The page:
As foreigners living in China with kids, none of us are strangers to paperwork. However, nothing could have prepared me for the circus that awaited us at the airport in Toronto on our scheduled date of return to Beijing as a family of four.
My husband and I just had our second child in Canada in December 2013. Even after completing my postpartum yuezi period, we managed to process the birth certificate, passport, and Chinese visa – in that order – for our newborn son on time.
The drama surrounded our 2-year old daughter, Echo. Because of her in-between status as a half-Chinese child born in Beijing and a Canadian passport holder, we have to process a “single use entry/exit visa” for her every time we leave China. The problem with these little booklets is that they aren’t issued for longer than three months. In other words, they expire.
For our son’s birth, we stayed in Canada for nearly four months. Knowing this schedule, I inquired at the Public Security Bureau before leaving China and was told that, as long as I left during the three-month window, I’d be fine to return anytime. They explained that unlike my son and I, who need a visa to enter China, my daughter only needs one to leave.
Fast forward to our scheduled departure from Canada. Imagine our luggage stacked high on the cart threatening to tumble over, our carry-on bags carefully ordered for a 13-hour flight, and two babies squirming between my husband and I, only to be told by Air Canada that my daughter was not permitted to fly. I could have filled another suitcase with my anxiety. The airline re-booked our flights for two days later and sent us away. We were grounded.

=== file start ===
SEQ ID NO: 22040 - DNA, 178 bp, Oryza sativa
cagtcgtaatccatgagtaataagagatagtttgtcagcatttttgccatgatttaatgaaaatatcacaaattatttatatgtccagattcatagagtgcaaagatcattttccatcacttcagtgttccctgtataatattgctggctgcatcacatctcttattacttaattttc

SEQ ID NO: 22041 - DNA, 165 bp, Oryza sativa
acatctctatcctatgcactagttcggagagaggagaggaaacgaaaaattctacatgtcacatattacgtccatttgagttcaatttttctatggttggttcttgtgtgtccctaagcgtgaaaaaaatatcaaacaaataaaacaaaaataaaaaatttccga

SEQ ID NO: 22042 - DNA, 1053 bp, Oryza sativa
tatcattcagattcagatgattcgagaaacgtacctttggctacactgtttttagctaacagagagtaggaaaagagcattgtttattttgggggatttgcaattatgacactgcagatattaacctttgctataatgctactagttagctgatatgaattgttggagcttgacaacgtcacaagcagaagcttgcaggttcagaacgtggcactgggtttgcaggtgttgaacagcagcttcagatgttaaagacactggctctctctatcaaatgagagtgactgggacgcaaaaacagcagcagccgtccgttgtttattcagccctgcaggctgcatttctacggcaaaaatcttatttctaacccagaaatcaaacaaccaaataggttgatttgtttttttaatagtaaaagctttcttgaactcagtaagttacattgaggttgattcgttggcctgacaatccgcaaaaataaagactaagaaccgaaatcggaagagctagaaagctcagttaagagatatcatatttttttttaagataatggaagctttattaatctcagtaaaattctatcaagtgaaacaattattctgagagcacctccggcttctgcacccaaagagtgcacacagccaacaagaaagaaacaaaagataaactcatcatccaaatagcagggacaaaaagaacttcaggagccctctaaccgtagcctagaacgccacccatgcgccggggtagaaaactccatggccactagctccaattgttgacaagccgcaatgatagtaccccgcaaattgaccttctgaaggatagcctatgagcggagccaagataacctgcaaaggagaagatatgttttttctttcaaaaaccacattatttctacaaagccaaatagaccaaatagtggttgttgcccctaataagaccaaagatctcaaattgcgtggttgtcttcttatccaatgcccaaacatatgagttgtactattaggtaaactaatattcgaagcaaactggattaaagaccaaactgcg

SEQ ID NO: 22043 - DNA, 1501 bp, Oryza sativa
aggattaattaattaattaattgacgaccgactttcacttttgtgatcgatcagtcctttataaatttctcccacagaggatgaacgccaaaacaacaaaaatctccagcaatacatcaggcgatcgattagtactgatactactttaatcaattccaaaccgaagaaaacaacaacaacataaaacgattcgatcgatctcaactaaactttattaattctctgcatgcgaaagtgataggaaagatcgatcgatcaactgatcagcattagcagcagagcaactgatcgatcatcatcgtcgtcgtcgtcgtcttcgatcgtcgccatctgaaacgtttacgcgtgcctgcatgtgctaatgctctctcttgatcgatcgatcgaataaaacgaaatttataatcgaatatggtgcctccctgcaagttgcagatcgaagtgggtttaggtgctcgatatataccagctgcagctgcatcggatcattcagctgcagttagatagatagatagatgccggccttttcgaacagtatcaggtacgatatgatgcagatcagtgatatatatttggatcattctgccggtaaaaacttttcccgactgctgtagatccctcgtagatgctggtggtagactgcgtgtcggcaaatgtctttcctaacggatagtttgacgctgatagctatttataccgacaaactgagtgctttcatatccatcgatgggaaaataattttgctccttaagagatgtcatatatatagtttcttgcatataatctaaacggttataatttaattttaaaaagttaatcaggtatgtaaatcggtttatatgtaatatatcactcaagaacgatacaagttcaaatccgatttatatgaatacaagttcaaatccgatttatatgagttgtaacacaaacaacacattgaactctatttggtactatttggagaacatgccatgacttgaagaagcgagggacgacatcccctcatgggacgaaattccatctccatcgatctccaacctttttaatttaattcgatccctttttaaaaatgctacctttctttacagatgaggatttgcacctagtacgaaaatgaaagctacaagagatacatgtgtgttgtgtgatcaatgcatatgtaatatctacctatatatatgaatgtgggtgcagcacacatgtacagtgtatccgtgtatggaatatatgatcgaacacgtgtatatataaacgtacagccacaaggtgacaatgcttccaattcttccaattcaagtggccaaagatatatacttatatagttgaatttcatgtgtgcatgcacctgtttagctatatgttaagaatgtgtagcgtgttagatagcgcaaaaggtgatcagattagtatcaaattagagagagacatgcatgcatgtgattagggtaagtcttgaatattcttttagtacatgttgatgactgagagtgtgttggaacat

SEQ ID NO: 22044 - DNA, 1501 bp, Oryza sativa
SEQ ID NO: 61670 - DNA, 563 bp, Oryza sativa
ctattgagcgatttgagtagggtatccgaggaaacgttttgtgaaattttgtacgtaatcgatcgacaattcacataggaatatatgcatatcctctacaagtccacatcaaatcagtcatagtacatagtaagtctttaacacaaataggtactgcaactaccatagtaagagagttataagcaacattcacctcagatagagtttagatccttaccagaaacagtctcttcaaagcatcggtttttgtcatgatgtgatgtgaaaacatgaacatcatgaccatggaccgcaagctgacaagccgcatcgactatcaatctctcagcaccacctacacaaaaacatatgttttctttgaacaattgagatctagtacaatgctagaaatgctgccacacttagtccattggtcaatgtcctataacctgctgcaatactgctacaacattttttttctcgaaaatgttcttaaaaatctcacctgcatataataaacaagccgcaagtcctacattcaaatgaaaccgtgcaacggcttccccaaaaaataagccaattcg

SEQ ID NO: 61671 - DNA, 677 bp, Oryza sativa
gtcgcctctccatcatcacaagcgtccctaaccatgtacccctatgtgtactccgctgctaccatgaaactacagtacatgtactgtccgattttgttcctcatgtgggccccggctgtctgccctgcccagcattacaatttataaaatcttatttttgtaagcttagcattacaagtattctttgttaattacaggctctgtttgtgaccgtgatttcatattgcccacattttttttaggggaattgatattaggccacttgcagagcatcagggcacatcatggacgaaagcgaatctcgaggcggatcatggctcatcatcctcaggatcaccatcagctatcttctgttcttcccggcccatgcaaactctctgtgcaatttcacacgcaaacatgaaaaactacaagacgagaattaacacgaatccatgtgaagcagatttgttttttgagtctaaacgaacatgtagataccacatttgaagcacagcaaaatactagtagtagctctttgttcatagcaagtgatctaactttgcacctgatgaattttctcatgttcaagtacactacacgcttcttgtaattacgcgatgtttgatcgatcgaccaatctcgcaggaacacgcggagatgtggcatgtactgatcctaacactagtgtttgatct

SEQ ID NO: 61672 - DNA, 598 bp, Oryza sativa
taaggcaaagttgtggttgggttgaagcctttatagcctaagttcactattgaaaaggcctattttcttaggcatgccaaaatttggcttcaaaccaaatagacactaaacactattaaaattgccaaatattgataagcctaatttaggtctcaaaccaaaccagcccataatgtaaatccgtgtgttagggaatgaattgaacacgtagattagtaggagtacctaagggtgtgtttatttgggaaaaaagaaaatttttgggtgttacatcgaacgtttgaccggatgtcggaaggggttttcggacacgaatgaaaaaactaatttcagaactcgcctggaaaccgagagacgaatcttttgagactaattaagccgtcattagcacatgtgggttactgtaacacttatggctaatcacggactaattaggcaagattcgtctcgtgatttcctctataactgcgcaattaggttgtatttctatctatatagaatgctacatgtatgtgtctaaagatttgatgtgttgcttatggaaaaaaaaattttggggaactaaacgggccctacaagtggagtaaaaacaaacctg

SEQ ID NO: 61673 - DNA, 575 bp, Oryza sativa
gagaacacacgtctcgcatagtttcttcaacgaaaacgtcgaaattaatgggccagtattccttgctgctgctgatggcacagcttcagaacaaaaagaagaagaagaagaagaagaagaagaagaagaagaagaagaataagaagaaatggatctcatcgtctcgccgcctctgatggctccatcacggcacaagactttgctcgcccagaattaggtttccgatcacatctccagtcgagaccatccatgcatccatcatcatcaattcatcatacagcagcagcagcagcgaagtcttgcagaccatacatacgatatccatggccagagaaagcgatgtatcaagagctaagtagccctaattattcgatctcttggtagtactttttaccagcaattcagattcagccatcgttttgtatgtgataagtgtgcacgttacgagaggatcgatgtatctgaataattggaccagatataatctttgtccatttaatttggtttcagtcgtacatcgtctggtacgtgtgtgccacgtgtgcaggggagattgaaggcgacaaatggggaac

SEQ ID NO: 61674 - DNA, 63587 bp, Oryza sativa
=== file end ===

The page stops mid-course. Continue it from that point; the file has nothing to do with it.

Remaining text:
Unfortunately, the Chinese consulate in Toronto was only open in the mornings. Like airport refugees, we were rescued by friends who generously provided a place to stay, car seats, and a portable crib. We munched on airplane snacks in a grateful but stunned state. The next morning, we awoke hopeful.
The Chinese consulate is a cold, grey building in which unbuttoning one’s winter jacket is not advised. When it was our turn, the clerk advised us to process a document that would enable my daughter to travel in and out of China for the next two years. Simply called a “travel document” (旅游征), it was essentially a substitute for a passport – but this one was issued by China.
“So she’s Chinese,” the clerk stated flatly. She gestured at Echo’s open Canadian passport, adding: “This is irrelevant because she was born in China.” My husband elbowed me to keep quiet. “They want to preference her right to choose a Chinese citizenship,” he explained later, “But she’s still Canadian.”
But at the time, this was not clear enough for me. I stiffened in protest. My greatest fear is a possible separation from my children for reasons of social or political unrest.
No one could explain why I had been misinformed at the PSB in Beijing, or if the usual “single use entry/exit visa” would be necessary next time. The response came with a flip of the clerk’s hand: “You’ll have to ask once you’re back in China. They don’t tell us over here.”
Chinese bureaucracy makes my hairs stand up on end, but my Chinese husband is relaxed and easygoing in its presence. He accepts such delays as a way of life – normal, even.
The next morning, we collected our rushed documents and managed to make the flight. As the family “ringleader,” I could only relax once we were beyond the gates.
Now, happy to be home, I am filled with new questions. Step right up to another traveling (visa) circus!
To read the follow-up to this story, check out Ember’s blog at
Illustration by Sunzheng
This article originally appeared on p43 of the beijingkids April 2014 issue. Check out the PDF version online at Issuu.com